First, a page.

So, it seems, transsexuals want to say: There are gender roles, and this is valid. I belong to gender role X. Unfortunately, I was born, biologically, as gender Y and therefore in order to reflect my true gender I need to switch sides.

But I think I would say (along with radical feminism, apparently): there are gender roles, but this is not valid. If a person wants to fit into a social role then that’s fine – but it is wrong to treat the role as necessarily related to the gender*. The relation is purely social and artificial. If we must try to change something in order to make a person feel more comfortable in the social role he or she has chosen, surely we should try to change the social constructs of gender, not the biological sex of the people who do not fit those constructs.

[*With one important exception – the option of motherhood. But for obvious reasons that is not a gender role that can be relevant to the MTF transsexual. And even then the “role” of mother is not quite so straightforwardly clearcut as all that. For some it is a key part of identity, whereas for others it is not much more than biology. I won’t go into that here, though!]

In other words, by everything they stand for, what transsexuals do does not break down gender divisions. It reinforces them.

I suppose the long and short of it is that, while I do not have a problem with transsexuals as people – they are, after all, making an astonishingly brave decision to step wholly outside what is deemed acceptable in our bigoted society – I do have a problem with the concept of transsexualism as a statement about the reality and validity of gender roles.

[As an aside I do also wonder whether the doctors and other therapists who champion gender reassignment as a “cure” for gender dysphoria are not influenced by their own investment in gender types. What I mean is, I wonder whether they tread down the paths they do because they find the idea that gender roles are to blame in the first place, and should be abolished, even more startling and unacceptable than the idea of people being inexplicably born in the wrong sex and needing medical treatment to “correct” their bodies.]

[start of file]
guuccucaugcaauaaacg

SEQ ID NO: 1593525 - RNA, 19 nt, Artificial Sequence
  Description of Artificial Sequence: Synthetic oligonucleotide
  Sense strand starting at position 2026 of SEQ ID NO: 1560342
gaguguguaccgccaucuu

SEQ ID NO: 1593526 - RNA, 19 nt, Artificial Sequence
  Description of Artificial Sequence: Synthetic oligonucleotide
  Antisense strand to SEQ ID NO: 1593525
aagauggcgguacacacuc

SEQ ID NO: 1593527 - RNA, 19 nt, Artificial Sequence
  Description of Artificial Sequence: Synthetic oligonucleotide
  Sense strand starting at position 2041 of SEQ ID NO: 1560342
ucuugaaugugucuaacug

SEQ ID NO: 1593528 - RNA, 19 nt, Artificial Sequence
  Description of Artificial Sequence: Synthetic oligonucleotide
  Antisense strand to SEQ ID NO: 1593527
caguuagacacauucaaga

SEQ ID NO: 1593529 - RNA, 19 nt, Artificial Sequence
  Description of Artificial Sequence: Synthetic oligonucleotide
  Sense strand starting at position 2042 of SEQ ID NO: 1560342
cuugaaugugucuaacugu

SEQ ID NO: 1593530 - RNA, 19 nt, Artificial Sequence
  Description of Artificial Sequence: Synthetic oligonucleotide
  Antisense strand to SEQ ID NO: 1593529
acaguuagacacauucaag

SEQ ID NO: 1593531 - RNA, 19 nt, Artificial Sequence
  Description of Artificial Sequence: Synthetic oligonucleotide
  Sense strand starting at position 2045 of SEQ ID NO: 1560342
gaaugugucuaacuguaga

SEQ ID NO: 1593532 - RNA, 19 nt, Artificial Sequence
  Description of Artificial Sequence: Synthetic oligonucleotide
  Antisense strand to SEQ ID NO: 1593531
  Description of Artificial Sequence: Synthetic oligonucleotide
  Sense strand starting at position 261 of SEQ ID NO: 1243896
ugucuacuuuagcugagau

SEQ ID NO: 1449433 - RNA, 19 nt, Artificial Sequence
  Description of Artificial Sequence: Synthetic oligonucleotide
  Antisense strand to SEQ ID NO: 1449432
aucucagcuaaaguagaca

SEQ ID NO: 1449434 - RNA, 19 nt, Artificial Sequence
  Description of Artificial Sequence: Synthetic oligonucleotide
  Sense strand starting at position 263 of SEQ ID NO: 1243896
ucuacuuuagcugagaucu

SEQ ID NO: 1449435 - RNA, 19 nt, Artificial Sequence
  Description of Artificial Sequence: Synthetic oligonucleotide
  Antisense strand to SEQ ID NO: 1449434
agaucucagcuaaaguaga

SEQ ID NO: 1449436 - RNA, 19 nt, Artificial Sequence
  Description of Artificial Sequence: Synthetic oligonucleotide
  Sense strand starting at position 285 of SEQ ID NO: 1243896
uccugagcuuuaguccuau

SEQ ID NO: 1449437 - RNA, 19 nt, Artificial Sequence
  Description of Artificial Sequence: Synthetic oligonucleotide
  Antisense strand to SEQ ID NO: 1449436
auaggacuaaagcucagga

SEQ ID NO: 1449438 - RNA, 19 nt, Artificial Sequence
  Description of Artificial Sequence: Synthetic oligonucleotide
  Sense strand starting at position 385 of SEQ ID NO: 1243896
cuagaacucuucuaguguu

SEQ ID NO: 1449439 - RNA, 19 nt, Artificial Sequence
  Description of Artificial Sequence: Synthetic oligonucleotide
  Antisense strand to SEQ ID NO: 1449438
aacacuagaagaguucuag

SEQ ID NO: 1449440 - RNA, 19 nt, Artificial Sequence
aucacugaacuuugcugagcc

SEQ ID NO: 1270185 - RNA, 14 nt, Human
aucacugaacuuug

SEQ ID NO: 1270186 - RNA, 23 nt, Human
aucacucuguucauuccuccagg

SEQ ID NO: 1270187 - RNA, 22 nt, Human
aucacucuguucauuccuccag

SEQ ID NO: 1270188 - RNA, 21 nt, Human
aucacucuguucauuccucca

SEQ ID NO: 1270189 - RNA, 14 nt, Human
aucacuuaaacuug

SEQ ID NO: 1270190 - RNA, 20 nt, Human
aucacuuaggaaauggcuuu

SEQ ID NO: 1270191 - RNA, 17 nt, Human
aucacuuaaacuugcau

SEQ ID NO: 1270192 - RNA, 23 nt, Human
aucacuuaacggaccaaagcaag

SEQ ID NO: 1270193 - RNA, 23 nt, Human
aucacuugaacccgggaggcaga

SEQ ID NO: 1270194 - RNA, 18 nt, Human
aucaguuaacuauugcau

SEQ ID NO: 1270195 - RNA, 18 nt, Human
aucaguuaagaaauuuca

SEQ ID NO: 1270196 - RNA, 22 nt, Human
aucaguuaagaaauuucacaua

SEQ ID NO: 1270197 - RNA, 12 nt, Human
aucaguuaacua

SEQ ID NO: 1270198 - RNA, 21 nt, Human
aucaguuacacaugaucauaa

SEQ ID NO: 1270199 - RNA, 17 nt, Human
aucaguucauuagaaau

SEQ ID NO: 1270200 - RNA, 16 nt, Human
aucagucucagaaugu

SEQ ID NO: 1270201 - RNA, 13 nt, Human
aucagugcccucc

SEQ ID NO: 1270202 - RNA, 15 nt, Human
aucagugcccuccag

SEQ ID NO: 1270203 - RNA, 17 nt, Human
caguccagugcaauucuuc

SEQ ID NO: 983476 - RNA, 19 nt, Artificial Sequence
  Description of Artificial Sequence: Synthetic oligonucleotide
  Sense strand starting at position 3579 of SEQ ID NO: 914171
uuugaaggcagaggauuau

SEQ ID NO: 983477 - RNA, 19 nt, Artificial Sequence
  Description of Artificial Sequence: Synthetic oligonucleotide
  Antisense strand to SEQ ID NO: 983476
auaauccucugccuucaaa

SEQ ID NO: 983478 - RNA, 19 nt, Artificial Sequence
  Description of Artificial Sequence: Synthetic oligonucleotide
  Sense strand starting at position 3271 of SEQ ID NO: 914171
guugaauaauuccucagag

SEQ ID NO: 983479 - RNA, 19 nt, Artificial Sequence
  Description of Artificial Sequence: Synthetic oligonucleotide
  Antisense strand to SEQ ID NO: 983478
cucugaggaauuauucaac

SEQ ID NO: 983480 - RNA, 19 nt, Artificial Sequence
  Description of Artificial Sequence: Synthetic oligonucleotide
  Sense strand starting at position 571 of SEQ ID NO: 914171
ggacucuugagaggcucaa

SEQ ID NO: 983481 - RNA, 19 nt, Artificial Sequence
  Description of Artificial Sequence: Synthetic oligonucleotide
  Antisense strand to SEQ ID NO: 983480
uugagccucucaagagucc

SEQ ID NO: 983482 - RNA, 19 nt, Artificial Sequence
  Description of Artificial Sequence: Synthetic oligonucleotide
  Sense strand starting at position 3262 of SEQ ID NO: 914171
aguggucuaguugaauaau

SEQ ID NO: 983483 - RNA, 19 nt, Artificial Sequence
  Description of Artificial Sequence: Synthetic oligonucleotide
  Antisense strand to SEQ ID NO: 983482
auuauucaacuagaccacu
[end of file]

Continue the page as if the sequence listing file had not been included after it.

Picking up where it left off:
Here’s another way of looking at it. What I would prefer for society, rather than that there should be opportunities to switch from one biological sex to another, is that the whole concept of socially constructed gender should disappear in favour of an ideal of personhood with underlying biological sex as a characteristic relevant only to medical treatment, reproduction and other aspects of life which genuinely are specific to one sex or the other.

That means that, yes, I am wary of transsexualism as a principle (if not as a coping strategy used by individuals in seriously uncomfortable situations and in a society where relatively inflexible gender roles are a fact of life) and, as a principle, I feel that it is at odds with my feminism.

Being wary does not mean I close the doors entirely to transwomen: I haven’t got a Not Welcome Here sign on my bus. It does mean that I can sympathise with there being some women’s spaces that do exclude women-born-as-men.

But I am also wary of this wariness, very conscious of the risk of bigotry, very glad I haven’t got to decide who gets to ride on Women Only bus… because this isn’t an easy question.